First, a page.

THE FUTURE MOSTLY DEPENDS ON YOUR OWN THINKING POWER. SO, NOT DWELL ON THE “HELL” PAST
“It is far more important for man to know whom he wants to become than who he is now”
— JOSEPH NUTTIN
Everyone wants to feel good, everyone wants to thrive, yet many people don’t know how to make this happen. Future Directed Therapy (FDT) is a whole new approach to improving how we function, based on the idea that because we can only move forward in time, we can only fully be understood as beings continuously in the process of becoming. The “future” in Future Directed Therapy is not necessarily far off in time; it can refer to any point in time beyond the present moment, near or far. Rather, FDT is about understanding that because we can only move forward, most of our thinking and behavior is anticipatory or future oriented.
We constantly speculate about what will happen, whether in the very next moment, tomorrow, or five years from now, and that has a huge impact on how we process information, how we feel about different situations, how we interact with our environment, and ultimately how we create our lives.
Although we often think the past dictates our behavior, the future is what really motivates most of our actions. Whether you are motivated to go to the kitchen because you anticipate eating something delicious, or you are motivated to save money because you want to buy a new home, or you are motivated to take any other action you could possibly imagine, you act because you expect a certain desired result.
The past is relevant only to the extent that we use it to predict the future.
A primary premise of Future Directed Therapy is that what people want (any desired future state) is the fundamental motivating force behind their behavior. Often we act to avoid something undesirable, but it is our desire to avoid the unwanted that drives our behavior. For example, if you decide not to go to an anxiety-provoking party, it is because you want to avoid an uncomfortable situation. Because we believe that the things we want will bring about some desired future state,
when we focus our thinking on what we want, we experience positive emotions.
When you think about having a positive experience in the future or getting something you want, you feel great; when you think about taking actions to avoid an uncomfortable situation, you feel relief.
However, when we focus on what we don’t want, we experience emotional distress and suffering. If instead you think about missing out on an opportunity to see your friends or disappointing the person who invited you to the party, you may feel guilt or sadness. We can have thoughts about both the wanted and the unwanted aspects of any situation. If you want to lose weight, you can think about how great it will feel when you do (wanted) or how lousy it is to give up your favorite foods (unwanted). Our minds tend to jump between wanted and unwanted situations all day long without our ever even realizing it is happening.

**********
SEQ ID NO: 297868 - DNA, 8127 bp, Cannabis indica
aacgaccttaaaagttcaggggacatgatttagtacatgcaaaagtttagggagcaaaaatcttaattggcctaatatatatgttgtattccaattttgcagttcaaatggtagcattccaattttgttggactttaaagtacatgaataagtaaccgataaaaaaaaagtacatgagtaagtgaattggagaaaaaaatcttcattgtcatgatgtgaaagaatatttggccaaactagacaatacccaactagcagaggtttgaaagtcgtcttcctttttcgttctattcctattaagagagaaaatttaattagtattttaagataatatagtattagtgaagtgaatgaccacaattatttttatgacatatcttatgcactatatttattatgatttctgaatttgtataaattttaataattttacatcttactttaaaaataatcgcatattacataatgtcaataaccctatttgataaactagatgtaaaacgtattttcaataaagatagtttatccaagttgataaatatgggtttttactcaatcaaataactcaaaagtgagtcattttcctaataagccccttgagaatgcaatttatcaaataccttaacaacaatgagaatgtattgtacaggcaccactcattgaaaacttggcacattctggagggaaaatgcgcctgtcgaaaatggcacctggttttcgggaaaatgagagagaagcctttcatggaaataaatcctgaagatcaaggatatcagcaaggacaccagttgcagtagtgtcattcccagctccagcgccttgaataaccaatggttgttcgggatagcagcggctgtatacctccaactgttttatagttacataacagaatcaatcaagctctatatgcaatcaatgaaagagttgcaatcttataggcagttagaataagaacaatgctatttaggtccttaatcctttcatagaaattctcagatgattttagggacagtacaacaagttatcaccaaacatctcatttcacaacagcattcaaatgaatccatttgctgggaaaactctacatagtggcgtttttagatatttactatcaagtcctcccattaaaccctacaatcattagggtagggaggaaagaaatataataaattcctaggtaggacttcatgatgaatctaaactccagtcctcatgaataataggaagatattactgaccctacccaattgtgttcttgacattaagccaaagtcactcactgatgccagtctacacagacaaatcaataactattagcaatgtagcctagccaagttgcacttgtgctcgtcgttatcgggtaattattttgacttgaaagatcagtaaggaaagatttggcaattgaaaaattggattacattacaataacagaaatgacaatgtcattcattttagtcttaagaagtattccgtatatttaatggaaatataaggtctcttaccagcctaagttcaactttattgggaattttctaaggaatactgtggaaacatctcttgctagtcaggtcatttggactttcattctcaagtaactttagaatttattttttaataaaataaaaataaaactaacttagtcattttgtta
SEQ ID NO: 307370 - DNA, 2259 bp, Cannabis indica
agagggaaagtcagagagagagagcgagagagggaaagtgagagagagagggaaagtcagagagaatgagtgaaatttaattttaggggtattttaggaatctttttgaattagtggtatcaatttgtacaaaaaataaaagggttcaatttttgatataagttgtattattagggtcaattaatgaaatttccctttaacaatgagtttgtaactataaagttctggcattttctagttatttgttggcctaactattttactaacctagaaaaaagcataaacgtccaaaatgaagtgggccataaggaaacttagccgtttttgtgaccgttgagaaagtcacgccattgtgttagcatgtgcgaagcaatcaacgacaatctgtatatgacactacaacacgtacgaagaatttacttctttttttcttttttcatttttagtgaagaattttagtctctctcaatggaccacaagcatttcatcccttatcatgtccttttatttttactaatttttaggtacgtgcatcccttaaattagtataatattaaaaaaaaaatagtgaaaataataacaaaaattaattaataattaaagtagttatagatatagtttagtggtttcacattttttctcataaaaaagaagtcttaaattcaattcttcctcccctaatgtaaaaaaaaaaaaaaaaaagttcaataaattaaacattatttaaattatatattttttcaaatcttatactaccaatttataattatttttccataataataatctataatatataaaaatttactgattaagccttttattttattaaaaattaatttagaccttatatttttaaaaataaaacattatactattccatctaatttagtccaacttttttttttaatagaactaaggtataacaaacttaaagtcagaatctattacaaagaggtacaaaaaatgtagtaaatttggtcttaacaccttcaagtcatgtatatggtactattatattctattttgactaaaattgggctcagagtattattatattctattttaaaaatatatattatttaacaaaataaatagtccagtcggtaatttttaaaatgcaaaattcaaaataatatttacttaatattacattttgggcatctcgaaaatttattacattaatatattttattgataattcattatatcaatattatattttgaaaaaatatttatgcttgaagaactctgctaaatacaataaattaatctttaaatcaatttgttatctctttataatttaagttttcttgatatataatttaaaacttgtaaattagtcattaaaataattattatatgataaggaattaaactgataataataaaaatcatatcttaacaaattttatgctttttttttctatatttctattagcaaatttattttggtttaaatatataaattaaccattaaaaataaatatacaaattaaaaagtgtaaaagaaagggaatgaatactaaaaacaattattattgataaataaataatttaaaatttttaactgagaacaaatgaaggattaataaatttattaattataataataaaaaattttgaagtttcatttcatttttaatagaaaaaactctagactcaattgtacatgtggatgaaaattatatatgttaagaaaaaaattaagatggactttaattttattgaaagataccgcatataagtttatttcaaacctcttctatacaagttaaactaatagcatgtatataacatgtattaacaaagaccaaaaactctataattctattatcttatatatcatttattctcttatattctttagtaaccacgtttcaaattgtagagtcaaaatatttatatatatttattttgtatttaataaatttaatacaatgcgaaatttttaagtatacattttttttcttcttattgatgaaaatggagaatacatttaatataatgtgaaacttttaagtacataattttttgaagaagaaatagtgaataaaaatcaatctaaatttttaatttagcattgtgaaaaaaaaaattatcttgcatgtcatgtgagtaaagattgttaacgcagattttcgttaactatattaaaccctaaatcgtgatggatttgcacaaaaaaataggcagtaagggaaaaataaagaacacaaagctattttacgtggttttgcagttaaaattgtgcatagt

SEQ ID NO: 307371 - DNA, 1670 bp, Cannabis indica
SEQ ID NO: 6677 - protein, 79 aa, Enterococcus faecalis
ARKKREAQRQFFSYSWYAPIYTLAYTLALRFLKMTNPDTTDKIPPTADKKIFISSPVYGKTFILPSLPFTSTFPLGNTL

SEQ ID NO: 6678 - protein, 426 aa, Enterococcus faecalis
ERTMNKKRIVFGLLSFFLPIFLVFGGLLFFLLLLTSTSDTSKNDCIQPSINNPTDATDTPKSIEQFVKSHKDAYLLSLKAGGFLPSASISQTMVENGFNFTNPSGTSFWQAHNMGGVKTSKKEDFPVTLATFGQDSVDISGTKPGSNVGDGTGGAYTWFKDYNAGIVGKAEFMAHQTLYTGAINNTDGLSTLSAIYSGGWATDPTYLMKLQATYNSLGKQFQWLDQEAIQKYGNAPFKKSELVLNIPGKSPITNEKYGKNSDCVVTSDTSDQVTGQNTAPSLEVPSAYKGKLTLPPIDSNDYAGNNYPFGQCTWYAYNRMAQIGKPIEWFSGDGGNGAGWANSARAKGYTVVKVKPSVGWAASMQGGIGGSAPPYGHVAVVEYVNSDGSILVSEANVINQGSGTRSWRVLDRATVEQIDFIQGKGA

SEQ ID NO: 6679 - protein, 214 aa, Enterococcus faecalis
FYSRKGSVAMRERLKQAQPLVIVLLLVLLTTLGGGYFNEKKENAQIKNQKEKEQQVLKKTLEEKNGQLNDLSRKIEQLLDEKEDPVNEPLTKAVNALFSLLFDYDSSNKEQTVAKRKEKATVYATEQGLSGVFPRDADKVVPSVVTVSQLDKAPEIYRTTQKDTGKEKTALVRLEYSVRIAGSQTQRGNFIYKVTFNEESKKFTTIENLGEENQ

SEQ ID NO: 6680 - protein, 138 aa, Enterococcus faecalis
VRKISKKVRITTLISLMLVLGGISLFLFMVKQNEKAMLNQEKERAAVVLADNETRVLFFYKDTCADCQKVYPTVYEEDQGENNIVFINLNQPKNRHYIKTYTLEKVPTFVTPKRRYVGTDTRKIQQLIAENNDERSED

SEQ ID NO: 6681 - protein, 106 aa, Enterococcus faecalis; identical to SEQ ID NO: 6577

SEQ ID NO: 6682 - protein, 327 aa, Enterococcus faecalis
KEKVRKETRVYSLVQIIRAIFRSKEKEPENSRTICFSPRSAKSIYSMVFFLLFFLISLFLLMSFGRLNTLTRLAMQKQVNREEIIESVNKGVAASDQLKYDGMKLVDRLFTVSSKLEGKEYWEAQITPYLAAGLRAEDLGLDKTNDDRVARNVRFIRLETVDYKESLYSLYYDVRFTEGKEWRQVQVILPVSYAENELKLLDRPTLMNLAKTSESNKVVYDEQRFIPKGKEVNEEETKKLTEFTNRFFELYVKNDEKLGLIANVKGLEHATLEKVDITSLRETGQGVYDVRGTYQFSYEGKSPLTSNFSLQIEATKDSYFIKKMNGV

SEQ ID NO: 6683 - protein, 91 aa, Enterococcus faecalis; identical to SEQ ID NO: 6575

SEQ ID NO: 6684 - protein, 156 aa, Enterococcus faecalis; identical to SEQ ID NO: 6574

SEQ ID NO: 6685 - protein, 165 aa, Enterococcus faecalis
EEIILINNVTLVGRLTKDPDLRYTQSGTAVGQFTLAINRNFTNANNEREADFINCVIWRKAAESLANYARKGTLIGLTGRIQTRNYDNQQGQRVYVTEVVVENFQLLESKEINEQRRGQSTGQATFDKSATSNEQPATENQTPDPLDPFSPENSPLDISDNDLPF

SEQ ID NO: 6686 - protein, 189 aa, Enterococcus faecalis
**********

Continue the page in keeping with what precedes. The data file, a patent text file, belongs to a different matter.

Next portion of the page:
The key to thriving is learning to harness the mind’s natural tendency to anticipate the future so that you can focus most of your attention on what you would like to achieve. This not only brings you positive emotions, but it also activates a series of mental functions that actually increase your ability to obtain what you desire. Whenever you think about your desired future state, several solution-generating, problem-solving mechanisms in your brain kick into gear. However, when you focus on what you don’t want and you experience the resulting negative emotions, this inhibits the area of your brain responsible for these functions from working properly.
The longer you think about what you want, the harder these mechanisms work, often leading to ideas and solutions that never would have occurred to you if you had not focused on your desired future.
You must learn how to experience more positive emotions and to thrive more by focusing on what you want; it will teach you the skills you need to begin creating your future by choice. While FDT comes from the field of psychology, it is far more than just a form of therapy. It is a way to live that maximizes the full potential of all human beings to create the experiences they want.
I learned that people could make changes by modifying their thoughts and behaviors in the present moment. While I found cognitive therapy to be substantially more practical and tangible for my clients, it still left many unanswered questions about what motivated change, and clients often found that labeling their thinking as irrational, one of the common tools of cognitive therapy, seemed to invalidate their experiences.